Finding Freedom Through Faith
HAVE YOU SEEN the logic behind our recent sermons leading to this one? If you have not noted the sequence, look back at my sermons on this web site. In May we looked at living by faith, and then three specific difficulties: when rotten things happen to good people; when your life fills with stress, and when you have to live with disagreeable people.
We then emphasised how important it was in such difficulties to balance your belief with your behaviour. I then looked at problems faced by people living on their own in "Survival Techniques in a Hostile World". In this sermon I looked at how thirteen single people maximised life for themselves. They included a tax agent, a politician, a teenager leaving home, a young girl with her first boyfriend, a sole parent with rising mortgage rates, someone unable to afford health cover, an early retiree, a grieving widow, an intellectually disabled girl, a hospitalised elderly lady, a middle aged widower, a woman with series of broken relationships and a man fighting drugs and the law. Each illustrated how a single person successfully coped with living.
But even so, some people complain because they do not have the advantages others have. So I considered "Successfully Using Your Leftovers." We looked at how twenty individuals used their leftover time, possessions, health and faith to live successfully. Having spent a great deal of time considering how individuals coped, I turned to those in families and marriages.
In "Tough Love For Soft Hearts" I considered how marriage partners need to develop the right kind of love when living together. I quoted psychiatrists and statistics on the importance of love in a marriage and family, even when you could not like the person, and when you were too soft to set the right demands and decisions. That tough love worked in rehabilitation and in relationships.
Tonight I will consider how faith builds both the single person and married people, individuals and families into one body, the church, where you can "Find Freedom Through Faith" over the differences you may have of race, social status and gender. The next three weeks we will consider how you go "Accepting Responsibility For Yourself", how you can "Change From a Nobody Into a Somebody" and even "Rebuild a Fractured Family."
This sequence is designed so that knowing what we believe, we can learn how to cope, what to do and how to relate. On the biggest issues that divide us, the Christian faith has a practical answer. Three issues divide our nation: the race relationships between European and indigenous Australians as seen in the Wik dispute, between Asian immigrants and caucasian residents, as seen in the One Nation debate; the social status issues of rich and poor, the employed and unemployed, the tax payer and the welfare recipient as seen in the waterfront dispute; and the gender inequality issue where women receive less pay and fewer senior positions and where men receive harsher treatment in the family courts and fewer new job opportunities. Race, status and gender are all issues from which we can find freedom through faith.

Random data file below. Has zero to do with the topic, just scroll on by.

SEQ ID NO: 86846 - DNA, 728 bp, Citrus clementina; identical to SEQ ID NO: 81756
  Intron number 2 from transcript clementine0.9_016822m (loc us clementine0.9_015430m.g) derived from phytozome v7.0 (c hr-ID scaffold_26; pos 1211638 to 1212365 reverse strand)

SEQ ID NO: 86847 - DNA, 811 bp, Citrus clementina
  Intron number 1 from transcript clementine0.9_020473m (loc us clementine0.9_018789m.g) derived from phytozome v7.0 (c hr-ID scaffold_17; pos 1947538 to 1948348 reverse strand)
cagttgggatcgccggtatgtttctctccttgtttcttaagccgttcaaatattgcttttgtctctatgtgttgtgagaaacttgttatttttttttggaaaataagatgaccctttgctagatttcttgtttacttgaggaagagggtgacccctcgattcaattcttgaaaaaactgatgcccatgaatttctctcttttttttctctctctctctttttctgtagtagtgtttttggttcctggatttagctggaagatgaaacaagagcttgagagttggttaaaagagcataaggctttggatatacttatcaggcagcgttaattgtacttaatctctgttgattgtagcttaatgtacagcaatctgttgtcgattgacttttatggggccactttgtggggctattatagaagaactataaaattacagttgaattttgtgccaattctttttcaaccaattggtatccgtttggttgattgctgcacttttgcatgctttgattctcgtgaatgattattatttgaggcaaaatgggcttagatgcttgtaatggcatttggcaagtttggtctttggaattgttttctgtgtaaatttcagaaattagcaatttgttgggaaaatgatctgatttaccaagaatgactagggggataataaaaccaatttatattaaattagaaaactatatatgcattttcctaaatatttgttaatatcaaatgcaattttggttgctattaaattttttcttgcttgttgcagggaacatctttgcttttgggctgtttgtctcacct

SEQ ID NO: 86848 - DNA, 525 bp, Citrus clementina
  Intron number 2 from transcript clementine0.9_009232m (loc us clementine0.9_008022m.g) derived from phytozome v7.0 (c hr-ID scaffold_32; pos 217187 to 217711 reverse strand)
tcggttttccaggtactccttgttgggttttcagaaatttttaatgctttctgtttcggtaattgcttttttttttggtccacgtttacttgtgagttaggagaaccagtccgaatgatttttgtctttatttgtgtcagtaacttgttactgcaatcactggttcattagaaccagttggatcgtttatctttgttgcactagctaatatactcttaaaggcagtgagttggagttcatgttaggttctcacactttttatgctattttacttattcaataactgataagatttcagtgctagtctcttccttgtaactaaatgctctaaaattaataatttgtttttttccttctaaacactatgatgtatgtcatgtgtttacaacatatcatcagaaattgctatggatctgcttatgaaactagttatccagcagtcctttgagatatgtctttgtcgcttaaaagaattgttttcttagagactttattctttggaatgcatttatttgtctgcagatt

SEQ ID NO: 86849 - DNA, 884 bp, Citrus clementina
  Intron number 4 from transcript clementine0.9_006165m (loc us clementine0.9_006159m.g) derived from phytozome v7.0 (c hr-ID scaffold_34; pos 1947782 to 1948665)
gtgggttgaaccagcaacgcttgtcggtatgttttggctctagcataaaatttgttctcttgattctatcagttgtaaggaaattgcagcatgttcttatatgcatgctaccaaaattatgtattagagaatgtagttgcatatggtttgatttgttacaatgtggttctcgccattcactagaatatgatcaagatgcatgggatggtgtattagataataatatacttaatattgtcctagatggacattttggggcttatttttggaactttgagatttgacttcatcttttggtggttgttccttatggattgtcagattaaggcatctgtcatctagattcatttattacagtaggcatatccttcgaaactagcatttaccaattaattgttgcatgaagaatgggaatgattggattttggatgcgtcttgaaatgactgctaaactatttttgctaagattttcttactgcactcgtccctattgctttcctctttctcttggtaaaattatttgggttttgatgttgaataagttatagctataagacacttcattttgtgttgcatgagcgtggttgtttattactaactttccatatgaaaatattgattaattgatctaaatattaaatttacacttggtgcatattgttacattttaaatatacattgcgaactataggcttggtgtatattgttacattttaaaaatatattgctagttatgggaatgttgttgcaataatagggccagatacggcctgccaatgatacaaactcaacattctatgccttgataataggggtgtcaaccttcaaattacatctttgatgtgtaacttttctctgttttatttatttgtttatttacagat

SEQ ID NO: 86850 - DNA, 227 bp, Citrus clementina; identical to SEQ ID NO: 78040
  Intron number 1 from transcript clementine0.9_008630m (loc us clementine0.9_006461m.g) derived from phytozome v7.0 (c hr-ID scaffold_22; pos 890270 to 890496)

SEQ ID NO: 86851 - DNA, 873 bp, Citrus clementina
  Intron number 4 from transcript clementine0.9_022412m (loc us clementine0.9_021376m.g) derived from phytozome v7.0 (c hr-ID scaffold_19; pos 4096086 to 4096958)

A proper understanding of the Christian faith changes all three. In the earlier paragraphs of his letter to the Christians living in Galatia, in the centre of modern-day Turkey, Paul has shown the way of salvation is by means of the promise of God received through faith. He declares the law was given not to save mankind but rather to reveal humanity's sin, it was temporary, and it was inferior to the promise for it was given through a mediator. Gal 3:23-25 "Before this faith came, we were held prisoners by the law, locked up until faith should be revealed. 24 So the law was put in charge to lead us to Christ that we might be justified by faith. 25 Now that faith has come, we are no longer under the supervision of the law."
The Law of God, given by Moses and summed up in the Ten Commandments, shows that everyone - the immoral person, the ethical person, and the religious person - have sinned and need a Saviour. There is indeed a Saviour. It had always been God's purpose to save many through faith in Him. The Jewish Law prepared men and women to receive the Lord Jesus Christ when He came.
When we receive Christ we pass from being under the bondage of the law to being children of God. Before, we were prisoners, shut up under the law as under a guardian. Now we are children, being reconciled to God and being made one with one another and with all who throughout history have been justified on the basis of God's promise. While the law was here, it held us under constant surveillance. So strict was the supervision of the Law, that we were like prisoners until Christ should be revealed. Christ, the liberator, then would set us free.
The term is paidagogos, "a child-custodian" The pedagogue was a slave employed by wealthy Greeks or Romans to have responsibility for one of the children of the family. He had charge of the child from about the years six to sixteen and was responsible for watching over his behaviour wherever he went and for conducting him to and from school. The pedagogue did not teach. Therefore the translation which says the Law was a "schoolmaster" is wrong. When the child entered into the fullness of his position as a son, becoming an acknowledged adult by the formal rite of adoption by his father, the role of the custodian or pedagogue was completed. 25 "Now that faith has come, we are no longer under the supervision of the law" Paul says.